Thailand’s biggest destination, Phuket is swarming with package tourists and it has lots of attractions. Of course, Patong is the center of the over-development and nightlife. To experience all the charms of Phuket (not just stuck in hedonist’s paradise of Patong), I recommend renting a motorbike. You can ride up the Nakkerd Hill and see the magnificent 45-meters high Big Buddha statue or pay a visit to opulent Wat Chalong temple. Alternatively, you can drive to the old Phuket town to explore Portuguese-style Thalang and Yaowarat Roads.
Koh Phi Phi (2 days)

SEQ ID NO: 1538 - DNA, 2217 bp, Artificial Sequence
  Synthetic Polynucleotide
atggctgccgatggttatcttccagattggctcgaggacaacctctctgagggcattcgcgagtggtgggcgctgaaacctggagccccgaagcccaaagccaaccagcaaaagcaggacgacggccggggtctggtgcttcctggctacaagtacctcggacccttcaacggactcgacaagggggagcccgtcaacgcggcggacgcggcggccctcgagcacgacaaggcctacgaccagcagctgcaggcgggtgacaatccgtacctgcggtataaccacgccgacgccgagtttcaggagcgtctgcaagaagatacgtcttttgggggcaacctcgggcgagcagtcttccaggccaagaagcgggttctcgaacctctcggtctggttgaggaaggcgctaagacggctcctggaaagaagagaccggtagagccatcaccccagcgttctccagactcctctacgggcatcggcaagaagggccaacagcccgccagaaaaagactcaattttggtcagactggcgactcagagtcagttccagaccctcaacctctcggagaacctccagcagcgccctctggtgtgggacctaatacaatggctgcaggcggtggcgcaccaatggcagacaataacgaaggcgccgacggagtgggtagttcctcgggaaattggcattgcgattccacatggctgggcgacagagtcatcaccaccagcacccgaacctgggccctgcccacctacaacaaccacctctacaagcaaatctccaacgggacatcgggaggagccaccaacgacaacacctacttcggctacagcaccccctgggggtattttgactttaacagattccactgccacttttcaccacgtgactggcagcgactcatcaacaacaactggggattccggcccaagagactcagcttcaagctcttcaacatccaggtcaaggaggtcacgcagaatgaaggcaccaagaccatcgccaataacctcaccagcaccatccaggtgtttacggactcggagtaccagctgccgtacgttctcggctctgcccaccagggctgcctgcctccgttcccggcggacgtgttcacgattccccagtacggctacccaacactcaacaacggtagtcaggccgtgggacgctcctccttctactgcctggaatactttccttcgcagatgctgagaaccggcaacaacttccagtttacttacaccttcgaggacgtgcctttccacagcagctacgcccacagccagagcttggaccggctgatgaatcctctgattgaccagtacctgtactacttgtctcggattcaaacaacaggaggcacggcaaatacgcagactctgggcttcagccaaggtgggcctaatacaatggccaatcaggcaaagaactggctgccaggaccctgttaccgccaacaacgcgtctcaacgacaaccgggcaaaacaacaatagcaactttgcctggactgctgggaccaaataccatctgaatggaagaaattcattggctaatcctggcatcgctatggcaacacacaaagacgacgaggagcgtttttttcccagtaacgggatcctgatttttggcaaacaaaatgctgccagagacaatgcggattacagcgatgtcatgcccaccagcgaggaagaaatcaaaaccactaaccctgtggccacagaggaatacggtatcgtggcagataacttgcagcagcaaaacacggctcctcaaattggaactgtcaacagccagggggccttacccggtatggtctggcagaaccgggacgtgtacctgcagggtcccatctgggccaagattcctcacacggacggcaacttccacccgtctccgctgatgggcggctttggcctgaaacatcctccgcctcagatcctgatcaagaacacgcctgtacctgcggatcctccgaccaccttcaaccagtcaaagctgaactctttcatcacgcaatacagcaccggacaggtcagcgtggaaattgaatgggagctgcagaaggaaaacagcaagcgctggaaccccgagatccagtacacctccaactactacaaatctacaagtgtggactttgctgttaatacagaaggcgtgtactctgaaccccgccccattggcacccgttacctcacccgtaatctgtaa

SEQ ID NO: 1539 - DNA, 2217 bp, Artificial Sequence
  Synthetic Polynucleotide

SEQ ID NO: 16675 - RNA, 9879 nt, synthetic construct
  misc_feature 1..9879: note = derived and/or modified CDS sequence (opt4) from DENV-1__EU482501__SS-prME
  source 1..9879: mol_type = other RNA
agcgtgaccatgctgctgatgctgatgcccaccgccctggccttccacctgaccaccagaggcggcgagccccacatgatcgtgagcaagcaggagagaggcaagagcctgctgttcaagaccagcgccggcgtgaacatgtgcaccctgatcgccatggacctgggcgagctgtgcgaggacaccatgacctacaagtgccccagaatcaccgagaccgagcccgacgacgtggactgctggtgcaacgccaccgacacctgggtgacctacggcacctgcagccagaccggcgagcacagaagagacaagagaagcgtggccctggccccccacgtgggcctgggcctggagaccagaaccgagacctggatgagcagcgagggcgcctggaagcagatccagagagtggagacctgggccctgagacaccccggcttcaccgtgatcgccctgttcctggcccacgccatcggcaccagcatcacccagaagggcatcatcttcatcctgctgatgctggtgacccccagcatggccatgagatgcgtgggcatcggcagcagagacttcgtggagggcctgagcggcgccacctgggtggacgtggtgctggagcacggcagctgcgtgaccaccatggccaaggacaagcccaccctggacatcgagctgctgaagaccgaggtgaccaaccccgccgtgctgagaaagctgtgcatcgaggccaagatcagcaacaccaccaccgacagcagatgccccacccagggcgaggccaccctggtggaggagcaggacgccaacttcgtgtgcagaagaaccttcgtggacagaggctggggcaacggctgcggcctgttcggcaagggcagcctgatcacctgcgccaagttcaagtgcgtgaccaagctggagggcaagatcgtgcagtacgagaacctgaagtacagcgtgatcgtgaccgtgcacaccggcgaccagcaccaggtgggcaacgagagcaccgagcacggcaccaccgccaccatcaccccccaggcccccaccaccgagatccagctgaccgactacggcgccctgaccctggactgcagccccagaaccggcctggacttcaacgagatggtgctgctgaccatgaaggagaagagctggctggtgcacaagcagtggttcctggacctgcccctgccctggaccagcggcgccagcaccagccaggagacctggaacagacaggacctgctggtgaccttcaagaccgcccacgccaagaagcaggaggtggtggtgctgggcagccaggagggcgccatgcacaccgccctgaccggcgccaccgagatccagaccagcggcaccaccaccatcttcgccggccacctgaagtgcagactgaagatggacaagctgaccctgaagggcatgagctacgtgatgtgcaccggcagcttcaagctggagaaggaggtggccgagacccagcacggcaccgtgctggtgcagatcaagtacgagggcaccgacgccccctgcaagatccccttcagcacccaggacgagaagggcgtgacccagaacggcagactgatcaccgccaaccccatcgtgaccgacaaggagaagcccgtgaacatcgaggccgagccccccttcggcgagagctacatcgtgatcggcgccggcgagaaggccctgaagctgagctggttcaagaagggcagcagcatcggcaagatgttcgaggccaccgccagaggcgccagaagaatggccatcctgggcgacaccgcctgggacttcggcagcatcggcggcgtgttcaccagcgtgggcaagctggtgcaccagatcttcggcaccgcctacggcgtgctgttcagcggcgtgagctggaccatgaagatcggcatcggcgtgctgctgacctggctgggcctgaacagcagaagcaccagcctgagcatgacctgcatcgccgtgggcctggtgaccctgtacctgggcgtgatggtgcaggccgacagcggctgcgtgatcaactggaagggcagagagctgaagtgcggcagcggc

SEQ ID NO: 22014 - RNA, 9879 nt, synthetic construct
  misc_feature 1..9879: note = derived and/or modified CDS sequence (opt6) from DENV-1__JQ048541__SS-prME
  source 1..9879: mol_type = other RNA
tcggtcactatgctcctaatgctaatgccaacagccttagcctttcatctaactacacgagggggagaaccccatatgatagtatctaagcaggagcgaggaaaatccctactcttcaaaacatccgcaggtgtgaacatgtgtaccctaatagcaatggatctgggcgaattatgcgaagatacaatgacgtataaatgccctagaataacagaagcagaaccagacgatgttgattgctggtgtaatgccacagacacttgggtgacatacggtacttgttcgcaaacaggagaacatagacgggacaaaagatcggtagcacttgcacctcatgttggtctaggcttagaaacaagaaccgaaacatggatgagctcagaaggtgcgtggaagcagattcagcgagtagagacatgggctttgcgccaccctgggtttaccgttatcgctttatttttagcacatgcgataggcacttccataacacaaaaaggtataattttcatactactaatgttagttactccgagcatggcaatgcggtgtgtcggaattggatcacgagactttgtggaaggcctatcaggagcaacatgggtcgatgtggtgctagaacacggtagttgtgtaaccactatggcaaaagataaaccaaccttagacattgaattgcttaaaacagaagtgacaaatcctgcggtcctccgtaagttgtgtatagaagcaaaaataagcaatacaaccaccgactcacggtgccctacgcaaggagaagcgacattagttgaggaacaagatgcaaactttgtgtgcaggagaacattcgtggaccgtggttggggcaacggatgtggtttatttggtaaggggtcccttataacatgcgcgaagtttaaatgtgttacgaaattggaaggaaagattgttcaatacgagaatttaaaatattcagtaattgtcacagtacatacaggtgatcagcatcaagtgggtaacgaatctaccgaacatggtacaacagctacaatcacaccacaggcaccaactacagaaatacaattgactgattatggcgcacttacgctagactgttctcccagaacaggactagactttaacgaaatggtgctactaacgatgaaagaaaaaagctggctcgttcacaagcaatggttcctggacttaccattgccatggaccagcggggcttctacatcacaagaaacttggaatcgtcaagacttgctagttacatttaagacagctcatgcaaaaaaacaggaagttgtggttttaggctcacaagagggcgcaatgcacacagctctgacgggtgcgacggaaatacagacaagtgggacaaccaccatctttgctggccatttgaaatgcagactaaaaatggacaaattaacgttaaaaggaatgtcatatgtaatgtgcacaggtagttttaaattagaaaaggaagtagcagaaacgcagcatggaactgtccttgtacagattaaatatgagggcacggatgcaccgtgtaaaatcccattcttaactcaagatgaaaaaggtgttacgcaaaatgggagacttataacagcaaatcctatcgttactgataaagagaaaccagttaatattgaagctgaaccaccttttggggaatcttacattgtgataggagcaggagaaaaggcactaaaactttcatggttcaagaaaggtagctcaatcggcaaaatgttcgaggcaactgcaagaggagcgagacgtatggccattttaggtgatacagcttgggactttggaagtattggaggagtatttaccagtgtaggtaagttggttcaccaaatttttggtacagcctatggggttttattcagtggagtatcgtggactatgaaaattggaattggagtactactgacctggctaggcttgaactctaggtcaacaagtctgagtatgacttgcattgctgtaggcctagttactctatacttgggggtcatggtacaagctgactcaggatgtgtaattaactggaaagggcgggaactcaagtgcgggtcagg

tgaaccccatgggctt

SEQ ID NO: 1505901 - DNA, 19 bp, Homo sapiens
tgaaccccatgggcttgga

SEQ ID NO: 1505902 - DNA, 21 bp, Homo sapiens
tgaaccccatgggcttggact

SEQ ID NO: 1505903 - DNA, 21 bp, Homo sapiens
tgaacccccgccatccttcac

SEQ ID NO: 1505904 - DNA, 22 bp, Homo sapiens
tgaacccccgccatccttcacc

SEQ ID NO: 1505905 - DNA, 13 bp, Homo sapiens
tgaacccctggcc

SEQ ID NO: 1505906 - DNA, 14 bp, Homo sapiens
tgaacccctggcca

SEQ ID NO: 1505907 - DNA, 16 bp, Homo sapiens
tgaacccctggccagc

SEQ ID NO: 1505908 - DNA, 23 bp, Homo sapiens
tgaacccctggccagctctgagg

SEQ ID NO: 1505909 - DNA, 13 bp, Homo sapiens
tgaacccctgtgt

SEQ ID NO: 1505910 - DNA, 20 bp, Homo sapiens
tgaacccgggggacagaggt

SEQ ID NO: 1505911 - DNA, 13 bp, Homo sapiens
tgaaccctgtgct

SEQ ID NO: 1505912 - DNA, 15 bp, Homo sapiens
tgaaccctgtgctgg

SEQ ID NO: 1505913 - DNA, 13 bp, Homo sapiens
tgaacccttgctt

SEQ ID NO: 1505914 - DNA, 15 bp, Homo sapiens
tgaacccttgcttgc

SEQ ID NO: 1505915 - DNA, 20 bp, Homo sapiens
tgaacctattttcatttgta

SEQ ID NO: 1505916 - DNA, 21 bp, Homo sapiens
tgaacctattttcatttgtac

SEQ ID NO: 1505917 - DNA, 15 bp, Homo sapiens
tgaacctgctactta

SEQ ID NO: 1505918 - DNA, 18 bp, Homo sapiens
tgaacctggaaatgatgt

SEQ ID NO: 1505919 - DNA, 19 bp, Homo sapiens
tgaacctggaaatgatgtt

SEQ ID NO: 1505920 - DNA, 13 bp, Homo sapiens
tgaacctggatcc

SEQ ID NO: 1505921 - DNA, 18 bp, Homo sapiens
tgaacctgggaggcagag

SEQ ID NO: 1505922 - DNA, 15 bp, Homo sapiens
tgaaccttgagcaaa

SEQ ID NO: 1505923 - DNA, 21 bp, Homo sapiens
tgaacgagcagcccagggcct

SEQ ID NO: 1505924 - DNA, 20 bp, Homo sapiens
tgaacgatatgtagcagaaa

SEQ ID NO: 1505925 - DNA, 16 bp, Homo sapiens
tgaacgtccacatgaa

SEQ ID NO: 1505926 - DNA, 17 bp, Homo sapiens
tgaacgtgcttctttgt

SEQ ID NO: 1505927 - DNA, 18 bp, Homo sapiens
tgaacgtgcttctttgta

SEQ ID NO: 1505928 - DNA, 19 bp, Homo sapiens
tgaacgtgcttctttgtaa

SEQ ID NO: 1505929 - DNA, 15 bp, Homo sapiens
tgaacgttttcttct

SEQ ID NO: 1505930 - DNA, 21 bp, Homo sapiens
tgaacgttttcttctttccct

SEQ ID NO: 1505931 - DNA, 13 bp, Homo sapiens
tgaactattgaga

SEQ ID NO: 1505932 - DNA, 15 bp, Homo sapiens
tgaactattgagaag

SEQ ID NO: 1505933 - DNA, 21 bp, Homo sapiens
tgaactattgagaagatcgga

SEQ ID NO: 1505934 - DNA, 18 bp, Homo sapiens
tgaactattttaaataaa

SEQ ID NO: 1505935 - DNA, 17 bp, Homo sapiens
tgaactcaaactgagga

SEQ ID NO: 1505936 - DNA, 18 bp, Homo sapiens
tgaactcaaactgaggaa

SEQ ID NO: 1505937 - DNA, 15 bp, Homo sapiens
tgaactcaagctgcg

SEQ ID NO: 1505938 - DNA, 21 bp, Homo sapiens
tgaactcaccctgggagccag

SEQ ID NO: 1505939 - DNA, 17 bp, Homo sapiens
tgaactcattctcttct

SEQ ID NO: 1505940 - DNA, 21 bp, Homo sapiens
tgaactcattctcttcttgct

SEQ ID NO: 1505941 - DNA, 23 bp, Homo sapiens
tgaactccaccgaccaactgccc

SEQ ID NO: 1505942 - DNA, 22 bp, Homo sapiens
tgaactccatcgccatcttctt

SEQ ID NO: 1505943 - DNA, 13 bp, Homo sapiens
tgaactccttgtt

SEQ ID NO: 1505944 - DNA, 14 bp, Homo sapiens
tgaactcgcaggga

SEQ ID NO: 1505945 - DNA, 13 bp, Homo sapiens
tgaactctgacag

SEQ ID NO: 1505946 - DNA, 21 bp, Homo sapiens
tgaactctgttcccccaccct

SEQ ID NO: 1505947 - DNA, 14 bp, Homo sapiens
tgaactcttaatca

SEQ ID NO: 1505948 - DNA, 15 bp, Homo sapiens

Where to stay:
Budget: Kitty Guesthouse
There is a morning ferry to Phi Phi Island from Phuket, so you can get there in about two hours. In almost every two-week Thailand itinerary Koh Phi Phi will be referred as one of the most popular islands for partying. And I believe Koh Phi Phi isn’t that great if you’re looking for some peaceful island vibes.
During your stay at the Phi Phi Island, you can hike to the viewpoints, discover its smaller beaches including Ao Tohko, Paknam, Rantee and Lo Bakao, or hit Ko Phi Phi Leh, which became famous by the Leonardo Di Caprio movie. You can also go snorkeling or scuba diving on the nearby coral reefs, rent a long-tail boat to explore the nearby bays yourself. If you’re coming from the mainland, I highly recommend bringing local cash and avoid exchanging money on the islands because the exchange rates are quite poor.
Koh Lanta (2 Days)
Where to stay